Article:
This open enrollment, choose a plan that includes access to our world-class providers. Get better care now

Menu
Search

Audiology

The audiology clinics in both Hillcrest and La Jolla provide diagnostic hearing evaluations to inpatients and outpatients. Each patient, caregiver and/or family member receives individual instruction and counseling related to hearing loss and hearing loss treatment.

The latest in digital programmable hearing aids are available for hearing impaired patients to purchase.

More about hearing loss at UC San Diego Health.

+ Expand All

Hearing Testing

There are several ways in which hearing is evaluated. Tests include:

Audiometry

Immittance tests

Speech perception testing

Otoacoustic emissions (OAE)

Auditory brainstem response (ABR)

Hearing Aids and Assistive Devices

Assistive hearing devices include any tool that increases communication for a person with hearing loss. The following devices are available at UC San Diego.

Programmable digital hearing aids

Hearing aid maintenance (batteries, repair and cleaning services)

Assistive listening devices (ALDs)

CROS/BiCROS hearing aids

Osseointegrated bone conduction devices (Baha)

Custom earplugs

Tinnitus Treatment

Tinnitus can be caused by several different things: age, earwax buildup, medications, noise exposure, a variety of factors, or other medical disorders. If treating the cause of tinnitus doesn't alleviate symptoms, there are devices that can help.

Hearing aids and tinnitus maskers

Cochlear Implants

When the hair cells in the cochlea are damaged, sound is unable to reach the auditory nerve. Cochlear implants helps bypass these damaged hair cells and provide direct stimulation to the auditory nerve, thereby restoring hearing.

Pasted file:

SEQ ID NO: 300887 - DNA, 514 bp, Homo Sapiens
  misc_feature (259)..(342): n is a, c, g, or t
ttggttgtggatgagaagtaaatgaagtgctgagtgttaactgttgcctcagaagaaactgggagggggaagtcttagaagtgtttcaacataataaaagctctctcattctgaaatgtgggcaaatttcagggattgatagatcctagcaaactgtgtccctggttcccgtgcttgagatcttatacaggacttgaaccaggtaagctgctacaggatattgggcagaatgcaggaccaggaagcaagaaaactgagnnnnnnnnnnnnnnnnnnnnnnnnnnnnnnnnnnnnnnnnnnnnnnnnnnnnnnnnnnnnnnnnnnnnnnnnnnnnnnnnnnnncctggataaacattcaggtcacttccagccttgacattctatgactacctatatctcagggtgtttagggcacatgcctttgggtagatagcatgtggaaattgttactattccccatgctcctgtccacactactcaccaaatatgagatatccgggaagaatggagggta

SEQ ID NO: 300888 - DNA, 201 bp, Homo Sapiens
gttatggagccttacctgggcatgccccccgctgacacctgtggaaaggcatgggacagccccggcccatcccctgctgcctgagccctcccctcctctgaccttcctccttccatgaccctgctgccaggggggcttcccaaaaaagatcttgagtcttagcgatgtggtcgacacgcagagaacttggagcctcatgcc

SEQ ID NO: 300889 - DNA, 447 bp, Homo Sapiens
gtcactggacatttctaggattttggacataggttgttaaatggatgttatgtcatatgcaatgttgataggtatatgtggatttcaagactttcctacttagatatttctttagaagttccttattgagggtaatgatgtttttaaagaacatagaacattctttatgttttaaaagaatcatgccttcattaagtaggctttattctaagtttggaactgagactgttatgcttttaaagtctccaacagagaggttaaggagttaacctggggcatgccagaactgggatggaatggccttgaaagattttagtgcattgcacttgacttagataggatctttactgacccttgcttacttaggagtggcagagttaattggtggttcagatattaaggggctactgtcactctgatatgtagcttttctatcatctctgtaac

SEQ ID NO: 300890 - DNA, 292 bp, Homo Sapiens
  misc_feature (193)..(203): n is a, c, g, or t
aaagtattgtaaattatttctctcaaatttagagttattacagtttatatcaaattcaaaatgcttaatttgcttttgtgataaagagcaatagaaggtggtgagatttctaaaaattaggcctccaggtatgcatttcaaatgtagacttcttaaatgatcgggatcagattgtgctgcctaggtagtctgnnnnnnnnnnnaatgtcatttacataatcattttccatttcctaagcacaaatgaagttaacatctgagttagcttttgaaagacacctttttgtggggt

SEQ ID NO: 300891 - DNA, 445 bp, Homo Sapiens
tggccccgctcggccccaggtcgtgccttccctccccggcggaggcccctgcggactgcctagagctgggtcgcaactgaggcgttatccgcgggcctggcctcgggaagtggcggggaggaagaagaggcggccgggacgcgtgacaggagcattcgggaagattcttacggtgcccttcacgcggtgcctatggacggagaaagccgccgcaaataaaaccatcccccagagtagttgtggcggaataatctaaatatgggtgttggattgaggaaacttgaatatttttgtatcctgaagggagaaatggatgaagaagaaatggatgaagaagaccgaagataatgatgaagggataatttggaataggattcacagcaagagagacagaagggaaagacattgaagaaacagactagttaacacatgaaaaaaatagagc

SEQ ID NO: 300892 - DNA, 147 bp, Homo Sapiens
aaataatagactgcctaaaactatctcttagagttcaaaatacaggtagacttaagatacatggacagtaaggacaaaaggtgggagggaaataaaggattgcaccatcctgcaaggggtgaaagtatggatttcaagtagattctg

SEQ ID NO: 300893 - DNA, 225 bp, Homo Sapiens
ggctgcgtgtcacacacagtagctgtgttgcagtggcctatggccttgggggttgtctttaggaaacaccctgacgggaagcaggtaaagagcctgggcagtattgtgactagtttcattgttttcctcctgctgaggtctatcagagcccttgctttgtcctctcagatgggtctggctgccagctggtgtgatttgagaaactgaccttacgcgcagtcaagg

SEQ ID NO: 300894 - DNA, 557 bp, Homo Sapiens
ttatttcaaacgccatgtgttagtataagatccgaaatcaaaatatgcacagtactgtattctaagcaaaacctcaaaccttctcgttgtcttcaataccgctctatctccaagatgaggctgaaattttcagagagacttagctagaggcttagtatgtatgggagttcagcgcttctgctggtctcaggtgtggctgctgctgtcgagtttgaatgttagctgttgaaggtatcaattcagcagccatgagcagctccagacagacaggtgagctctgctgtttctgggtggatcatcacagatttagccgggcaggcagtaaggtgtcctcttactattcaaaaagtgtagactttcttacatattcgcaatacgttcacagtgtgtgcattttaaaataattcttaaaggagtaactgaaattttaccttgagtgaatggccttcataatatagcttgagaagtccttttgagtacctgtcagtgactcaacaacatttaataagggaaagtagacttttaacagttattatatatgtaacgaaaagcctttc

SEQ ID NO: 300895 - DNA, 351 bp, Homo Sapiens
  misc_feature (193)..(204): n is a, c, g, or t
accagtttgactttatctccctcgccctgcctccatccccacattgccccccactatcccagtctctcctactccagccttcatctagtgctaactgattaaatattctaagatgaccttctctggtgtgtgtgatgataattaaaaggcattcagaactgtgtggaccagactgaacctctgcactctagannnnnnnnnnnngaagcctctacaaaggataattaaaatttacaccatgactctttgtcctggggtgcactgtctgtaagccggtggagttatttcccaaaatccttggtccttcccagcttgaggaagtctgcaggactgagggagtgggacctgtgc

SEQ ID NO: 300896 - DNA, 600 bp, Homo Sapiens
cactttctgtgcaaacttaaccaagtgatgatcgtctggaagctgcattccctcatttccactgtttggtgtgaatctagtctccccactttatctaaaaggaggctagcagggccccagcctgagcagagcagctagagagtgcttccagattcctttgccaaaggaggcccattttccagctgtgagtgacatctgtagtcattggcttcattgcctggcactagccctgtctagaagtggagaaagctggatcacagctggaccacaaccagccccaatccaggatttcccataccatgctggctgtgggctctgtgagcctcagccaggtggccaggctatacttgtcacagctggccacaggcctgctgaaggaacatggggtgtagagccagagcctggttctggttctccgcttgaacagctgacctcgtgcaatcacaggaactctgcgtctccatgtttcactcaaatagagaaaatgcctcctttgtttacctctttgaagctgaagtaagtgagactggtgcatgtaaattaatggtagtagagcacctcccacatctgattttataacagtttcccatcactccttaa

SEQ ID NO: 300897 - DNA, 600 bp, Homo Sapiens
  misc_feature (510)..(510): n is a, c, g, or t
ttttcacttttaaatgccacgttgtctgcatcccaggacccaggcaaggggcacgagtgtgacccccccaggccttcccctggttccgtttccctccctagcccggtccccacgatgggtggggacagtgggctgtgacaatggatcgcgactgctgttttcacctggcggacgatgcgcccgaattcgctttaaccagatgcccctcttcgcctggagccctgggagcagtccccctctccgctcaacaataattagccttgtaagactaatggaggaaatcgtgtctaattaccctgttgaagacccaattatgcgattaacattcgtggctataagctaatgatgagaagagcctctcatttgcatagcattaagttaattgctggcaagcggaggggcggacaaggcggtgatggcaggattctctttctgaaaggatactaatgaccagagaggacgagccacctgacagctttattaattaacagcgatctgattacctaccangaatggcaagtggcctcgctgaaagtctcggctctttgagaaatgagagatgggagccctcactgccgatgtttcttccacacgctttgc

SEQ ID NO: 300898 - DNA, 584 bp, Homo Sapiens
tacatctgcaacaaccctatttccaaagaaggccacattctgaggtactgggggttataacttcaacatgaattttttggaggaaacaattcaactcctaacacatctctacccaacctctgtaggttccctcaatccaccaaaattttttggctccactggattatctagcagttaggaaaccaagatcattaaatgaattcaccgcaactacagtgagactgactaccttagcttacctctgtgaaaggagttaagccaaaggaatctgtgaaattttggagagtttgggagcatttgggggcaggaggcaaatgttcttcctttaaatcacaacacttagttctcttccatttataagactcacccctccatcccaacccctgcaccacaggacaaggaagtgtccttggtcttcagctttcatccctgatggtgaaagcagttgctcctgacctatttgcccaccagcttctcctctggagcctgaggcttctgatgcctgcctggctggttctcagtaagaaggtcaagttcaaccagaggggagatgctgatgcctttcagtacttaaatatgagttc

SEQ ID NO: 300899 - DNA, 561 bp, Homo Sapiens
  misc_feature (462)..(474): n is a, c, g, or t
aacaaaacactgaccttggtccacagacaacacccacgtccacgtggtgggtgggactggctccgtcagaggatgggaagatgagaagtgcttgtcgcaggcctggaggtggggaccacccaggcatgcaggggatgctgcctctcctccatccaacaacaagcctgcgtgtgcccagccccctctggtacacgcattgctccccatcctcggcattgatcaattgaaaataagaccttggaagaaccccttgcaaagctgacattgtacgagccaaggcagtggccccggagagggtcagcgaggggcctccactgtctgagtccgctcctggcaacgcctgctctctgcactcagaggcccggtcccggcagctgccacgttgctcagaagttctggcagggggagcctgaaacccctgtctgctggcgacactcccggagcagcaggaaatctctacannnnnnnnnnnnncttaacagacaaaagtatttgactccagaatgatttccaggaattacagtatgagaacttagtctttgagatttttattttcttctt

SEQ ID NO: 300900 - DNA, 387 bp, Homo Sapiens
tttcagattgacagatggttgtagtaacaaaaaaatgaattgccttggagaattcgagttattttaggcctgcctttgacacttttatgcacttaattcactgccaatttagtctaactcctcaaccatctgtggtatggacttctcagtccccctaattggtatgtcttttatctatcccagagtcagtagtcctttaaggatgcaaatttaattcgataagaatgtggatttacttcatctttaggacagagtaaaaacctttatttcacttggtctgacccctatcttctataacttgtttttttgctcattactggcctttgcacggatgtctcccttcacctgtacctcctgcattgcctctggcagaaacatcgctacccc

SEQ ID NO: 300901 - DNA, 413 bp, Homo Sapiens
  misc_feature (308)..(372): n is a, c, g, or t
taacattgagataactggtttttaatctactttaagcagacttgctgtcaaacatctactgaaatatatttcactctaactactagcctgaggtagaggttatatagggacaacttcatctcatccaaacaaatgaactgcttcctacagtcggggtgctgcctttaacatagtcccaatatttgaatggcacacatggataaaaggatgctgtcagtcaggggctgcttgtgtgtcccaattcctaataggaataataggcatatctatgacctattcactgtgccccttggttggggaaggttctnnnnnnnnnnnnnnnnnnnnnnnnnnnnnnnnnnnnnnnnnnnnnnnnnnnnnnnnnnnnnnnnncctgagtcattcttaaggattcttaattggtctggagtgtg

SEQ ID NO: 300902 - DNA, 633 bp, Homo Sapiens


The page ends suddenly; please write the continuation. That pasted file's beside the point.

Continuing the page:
Candidacy assessment

Programming and troubleshooting

Auditory Brainstem Implant

An auditory brainstem implant (ABI) is a small device that is surgically inserted to restore sensations of sound. It is recommended for people who would not benefit from a cochlear implant or hearing aid because their auditory nerves are not functioning, they have bilateral cochlear ossification, or absent/severely malformed cochleae.

An ABI bypasses the cochlea and auditory nerves and restores some sensations of sound by directly stimulating central auditory pathways to the brain using electrical impulses.

An ABI may also be implanted during surgery to remove a tumor such as an acoustic neuroma (vestibular schwannoma) in cases of neurofibromatosis type 2 (NF2). See a news release about this procedure.

For more information contact Kris Siwek, patient navigator, at 858-657-5376; ksiwek@ucsd.edu.

About the Device

What to Expect with ABI

The ABI Process

Vestibular (Balance) Evaluation

The vestibular system is vital to daily function and activities as it helps maintain body and head posture. The following tests help diagnose a vestibular system disorder. 

Videonystagmography (VNG)

Vestibular evoked myogenic potential (VEMP)

Electrocochleography (EcoG)

Appointments & Referrals

Audiology Locations

La Jolla

Hillcrest

Audiology Team